Kenya's President Mwai Kibaki made the announcement live Monday on Kenyan TV that a prospect well had struck a reservoir of crude oil in the northwestern part of the country. The test well was drilled by Tullow Oil Plc, a Britsih company that specializes in oil prospecting and production in Africa. Previously, Tullow discovered oil in neighboring Uganda, kickstarting the oil industry in that country.
It is still too early to determine the true value of the Kenyan oil reserve, more test wells will first need to be drilled. But the early indications are positive – the oil drawn from the reserve appears to be of good quality, while Tullow said that the strike went “beyond their expectations”. Kenyan officials, meanwhile, seemed to be incredibly optimistic during the press conference. President Kibaki talked about Kenya becoming an oil exporter in three years, while Kenya's Energy Minister Kiraitu Murungi promised that: “we will make sure that the oil in Kenya is a blessing for the people of Kenya and not a curse.”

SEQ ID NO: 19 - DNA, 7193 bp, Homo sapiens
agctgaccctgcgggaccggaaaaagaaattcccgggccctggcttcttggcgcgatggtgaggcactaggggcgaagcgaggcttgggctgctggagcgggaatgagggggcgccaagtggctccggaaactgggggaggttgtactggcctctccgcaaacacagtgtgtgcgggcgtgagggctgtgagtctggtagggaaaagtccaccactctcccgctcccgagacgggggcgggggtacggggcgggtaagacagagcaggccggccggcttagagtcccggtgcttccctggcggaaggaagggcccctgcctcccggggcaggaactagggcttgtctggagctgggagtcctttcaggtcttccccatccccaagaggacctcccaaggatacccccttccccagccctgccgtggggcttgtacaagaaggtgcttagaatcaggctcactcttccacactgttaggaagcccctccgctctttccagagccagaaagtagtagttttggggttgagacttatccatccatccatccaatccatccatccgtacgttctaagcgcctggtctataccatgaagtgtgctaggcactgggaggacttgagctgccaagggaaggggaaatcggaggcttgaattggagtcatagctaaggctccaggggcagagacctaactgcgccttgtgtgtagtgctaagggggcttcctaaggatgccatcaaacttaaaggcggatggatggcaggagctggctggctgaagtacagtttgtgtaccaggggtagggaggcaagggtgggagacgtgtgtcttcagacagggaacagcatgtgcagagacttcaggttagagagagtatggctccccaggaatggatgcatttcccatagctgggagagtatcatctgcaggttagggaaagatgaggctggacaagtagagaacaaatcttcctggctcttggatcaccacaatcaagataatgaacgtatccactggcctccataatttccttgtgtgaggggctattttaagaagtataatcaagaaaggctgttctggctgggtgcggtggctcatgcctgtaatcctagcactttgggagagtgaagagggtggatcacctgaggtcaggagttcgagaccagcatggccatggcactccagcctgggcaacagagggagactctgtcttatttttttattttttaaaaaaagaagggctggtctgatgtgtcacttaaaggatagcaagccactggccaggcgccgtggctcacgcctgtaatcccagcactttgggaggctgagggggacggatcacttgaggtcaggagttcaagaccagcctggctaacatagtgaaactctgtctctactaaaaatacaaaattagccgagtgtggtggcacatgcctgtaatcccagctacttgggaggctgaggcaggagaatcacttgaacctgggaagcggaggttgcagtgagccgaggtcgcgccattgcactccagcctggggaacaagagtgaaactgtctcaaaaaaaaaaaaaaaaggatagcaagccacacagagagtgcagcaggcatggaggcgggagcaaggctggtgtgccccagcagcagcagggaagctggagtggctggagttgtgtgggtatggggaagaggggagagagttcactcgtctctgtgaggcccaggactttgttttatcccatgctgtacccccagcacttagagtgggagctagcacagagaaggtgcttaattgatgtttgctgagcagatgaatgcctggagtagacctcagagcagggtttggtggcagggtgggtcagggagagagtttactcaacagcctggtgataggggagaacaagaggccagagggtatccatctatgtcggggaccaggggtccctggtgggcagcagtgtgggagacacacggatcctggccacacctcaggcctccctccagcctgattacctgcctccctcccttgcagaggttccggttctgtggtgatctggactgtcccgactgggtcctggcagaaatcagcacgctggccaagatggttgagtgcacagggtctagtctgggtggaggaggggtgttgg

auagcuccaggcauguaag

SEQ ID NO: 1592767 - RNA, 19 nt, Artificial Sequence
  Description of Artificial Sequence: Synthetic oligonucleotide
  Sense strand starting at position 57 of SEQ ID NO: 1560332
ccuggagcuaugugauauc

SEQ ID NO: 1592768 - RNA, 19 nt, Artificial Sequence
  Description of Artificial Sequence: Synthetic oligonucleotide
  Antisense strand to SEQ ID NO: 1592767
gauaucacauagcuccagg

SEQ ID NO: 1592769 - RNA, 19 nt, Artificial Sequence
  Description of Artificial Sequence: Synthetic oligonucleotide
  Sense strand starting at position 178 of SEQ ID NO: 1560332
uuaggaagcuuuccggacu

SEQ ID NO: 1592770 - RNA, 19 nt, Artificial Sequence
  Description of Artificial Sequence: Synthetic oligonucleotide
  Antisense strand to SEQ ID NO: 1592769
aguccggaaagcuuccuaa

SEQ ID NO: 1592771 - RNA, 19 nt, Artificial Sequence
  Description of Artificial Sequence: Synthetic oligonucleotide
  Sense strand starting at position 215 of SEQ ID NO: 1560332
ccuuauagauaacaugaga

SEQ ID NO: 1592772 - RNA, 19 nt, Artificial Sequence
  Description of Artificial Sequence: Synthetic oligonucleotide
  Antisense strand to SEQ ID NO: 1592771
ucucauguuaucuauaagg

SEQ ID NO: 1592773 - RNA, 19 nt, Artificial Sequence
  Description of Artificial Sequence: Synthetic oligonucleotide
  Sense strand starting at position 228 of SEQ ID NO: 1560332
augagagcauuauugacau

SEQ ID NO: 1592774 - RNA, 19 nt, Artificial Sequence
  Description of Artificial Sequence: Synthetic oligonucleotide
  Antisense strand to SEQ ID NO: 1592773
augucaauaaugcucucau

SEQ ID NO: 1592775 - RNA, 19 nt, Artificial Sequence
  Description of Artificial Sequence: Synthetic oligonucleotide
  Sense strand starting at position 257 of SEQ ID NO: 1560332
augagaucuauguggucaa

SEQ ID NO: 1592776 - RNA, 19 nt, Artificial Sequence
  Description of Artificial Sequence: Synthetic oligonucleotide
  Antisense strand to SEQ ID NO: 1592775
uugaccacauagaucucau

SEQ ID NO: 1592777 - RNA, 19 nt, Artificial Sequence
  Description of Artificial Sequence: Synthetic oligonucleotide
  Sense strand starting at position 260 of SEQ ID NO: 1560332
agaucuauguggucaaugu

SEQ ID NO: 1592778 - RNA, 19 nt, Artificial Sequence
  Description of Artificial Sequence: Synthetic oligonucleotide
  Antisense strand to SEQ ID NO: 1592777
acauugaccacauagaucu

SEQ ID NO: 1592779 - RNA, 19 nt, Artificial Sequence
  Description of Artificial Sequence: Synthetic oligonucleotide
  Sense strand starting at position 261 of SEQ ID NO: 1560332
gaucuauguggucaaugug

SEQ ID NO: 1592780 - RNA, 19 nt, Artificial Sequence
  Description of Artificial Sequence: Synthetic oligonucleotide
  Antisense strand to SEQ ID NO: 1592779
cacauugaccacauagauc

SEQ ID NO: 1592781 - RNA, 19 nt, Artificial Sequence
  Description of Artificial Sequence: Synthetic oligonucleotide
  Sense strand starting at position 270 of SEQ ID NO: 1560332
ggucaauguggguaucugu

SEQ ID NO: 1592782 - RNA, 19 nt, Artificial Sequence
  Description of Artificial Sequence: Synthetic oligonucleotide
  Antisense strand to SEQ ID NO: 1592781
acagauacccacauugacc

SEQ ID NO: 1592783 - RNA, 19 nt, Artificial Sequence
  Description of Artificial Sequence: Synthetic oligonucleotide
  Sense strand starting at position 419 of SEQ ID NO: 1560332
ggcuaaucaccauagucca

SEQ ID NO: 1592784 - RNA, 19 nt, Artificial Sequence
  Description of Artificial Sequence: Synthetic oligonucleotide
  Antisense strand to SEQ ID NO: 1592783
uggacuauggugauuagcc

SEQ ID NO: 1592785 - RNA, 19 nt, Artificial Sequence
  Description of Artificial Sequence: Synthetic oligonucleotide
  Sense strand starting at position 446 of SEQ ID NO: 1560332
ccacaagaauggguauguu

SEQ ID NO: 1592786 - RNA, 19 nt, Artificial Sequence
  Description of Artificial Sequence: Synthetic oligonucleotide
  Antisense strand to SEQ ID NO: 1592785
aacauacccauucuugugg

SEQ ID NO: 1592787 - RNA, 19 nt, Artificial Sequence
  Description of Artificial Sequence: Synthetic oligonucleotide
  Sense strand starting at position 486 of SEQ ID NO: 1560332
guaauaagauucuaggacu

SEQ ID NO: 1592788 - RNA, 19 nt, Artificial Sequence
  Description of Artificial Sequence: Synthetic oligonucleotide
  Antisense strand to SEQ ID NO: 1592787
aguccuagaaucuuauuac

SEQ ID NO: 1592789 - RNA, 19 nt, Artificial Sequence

Murungi was referring there to the “resource curse” - the paradox that often strikes developing countries when a natural resource is discovered: rather than sparking the development of the nation as a whole, the resource often leads to the concentration of wealth in the hands of a few, widespread corruption, and rampant poverty for the masses. We talked about the resource curse here recently when oil was discovered in the Puntland region of Somalia.
Kenya should be well-positioned to avoid the resource curse though. The country has reached a fair level of development already and has a democratic government, albeit a somewhat flawed one, two factors that should help to ensure that any future oil revenues are distributed properly among Kenya's citizens. A few weeks ago Kenya announced the construction of a multi-billion port facility outside the coastal city of Lamu, that will include an oil import/export terminal. Originally this facility was meant to be at the end of a pipeline running from South Sudan, allowing the South Sudanese to export their oil without sending it north to export facilities in Sudan, since relations between the two nations are generally terrible. But the facility at Lamu could also be used to export any Kenyan crude to eagerly-awaiting markets in Asia as well.